Countless articles have demonstrated and emphasized the importance of mentoring in academic medicine. However, the upcoming role of mentors in the evolving medical field is poorly defined. As translational medicine, collaboration, and health care priorities change, so too must the goals and use of mentoring. The aims of this article are to demonstrate key aspects of effective mentoring in academic plastic surgery, show institutions how to cultivate mentoring relationships among their faculty and trainees, and provide direction for how to optimize the future use of mentoring to best prepare the next generation of plastic surgeons.
The authors reviewed the current literature regarding mentorship and the evolution of academic plastic surgery.
Mentors not only facilitate their protégés’ entrance into the field and future success, but can also attract medical students and residents to careers in research and reduce the racial and gender discrepancies in plastic surgery and academia. Ideally, faculty should undergo some form of training before they enter mentoring relationships. This will ensure that they are aware of their specific duties as mentors, are able to communicate with mentees, and can avoid potential pitfalls.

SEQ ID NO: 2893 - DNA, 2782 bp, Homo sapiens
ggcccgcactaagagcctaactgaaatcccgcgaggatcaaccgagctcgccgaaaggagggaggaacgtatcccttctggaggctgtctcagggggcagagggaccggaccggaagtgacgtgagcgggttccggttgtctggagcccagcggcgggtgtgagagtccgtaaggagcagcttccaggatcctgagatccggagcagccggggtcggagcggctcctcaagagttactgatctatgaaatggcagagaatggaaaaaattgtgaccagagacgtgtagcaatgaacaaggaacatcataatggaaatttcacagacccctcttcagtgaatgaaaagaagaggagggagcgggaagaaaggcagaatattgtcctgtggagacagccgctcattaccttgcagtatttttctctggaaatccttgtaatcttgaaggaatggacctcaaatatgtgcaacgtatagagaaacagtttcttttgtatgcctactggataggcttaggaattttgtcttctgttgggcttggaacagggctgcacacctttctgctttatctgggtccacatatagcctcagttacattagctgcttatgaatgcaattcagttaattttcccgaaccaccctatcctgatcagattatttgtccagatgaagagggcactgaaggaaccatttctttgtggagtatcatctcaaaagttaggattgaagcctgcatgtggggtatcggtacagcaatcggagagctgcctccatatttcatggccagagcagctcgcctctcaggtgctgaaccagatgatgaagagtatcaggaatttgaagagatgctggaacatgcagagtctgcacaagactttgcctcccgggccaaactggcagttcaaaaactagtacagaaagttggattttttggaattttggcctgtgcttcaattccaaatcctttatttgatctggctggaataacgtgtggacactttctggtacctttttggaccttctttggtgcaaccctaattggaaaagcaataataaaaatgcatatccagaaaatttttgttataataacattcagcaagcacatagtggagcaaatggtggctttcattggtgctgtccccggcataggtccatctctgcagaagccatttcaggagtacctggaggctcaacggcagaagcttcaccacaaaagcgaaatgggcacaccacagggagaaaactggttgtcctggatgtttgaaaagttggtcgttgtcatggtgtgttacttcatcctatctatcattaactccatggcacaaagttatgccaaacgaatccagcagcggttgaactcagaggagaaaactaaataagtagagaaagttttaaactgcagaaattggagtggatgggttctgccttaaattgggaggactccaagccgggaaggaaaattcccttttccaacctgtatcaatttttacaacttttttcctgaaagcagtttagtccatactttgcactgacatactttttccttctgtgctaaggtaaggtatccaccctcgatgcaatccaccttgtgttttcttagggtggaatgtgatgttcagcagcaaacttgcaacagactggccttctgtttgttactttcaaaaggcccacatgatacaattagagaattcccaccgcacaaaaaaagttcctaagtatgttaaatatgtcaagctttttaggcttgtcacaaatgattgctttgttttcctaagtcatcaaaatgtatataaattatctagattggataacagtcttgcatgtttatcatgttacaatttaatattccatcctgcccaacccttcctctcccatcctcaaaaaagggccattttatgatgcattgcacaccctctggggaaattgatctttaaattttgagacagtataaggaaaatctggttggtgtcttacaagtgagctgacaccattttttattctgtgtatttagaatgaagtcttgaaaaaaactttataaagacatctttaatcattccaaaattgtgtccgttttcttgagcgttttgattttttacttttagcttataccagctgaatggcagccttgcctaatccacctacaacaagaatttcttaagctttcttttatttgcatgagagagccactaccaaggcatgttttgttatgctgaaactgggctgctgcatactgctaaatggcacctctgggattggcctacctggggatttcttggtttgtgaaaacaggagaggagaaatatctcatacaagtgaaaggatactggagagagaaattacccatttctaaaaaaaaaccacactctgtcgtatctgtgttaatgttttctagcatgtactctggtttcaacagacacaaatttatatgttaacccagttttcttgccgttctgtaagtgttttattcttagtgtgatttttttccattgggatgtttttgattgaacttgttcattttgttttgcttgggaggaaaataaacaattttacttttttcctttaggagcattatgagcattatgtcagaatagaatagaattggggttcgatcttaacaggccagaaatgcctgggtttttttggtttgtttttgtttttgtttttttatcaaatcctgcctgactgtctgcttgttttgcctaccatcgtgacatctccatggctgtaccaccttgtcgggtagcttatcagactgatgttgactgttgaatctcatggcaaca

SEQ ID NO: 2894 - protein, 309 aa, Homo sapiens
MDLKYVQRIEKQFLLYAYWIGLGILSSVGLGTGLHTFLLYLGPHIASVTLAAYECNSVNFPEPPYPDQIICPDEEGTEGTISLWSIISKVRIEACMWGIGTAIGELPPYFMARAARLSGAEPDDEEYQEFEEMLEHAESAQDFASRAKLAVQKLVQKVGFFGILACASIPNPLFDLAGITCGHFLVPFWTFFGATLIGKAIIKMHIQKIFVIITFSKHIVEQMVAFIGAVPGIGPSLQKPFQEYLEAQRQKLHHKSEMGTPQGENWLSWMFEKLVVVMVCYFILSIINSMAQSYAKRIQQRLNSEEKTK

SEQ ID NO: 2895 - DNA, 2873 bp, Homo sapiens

Mentorship is a tool. If used correctly, it can help recruit and retain talented physician-scientists to plastic surgery to satisfy the growing demand. This will require institutions to actively support mentorship, provide opportunities and resources for training mentors, and enable faculty to allocate time to this vital pursuit.
Ann Arbor, Mich.
From the Section of Plastic Surgery, Department of Surgery, University of Michigan Health System.
Received for publication August 22, 2012; accepted September 27, 2012.
Disclosure:The authors have no financial interest to declare in relation to the content of this article.
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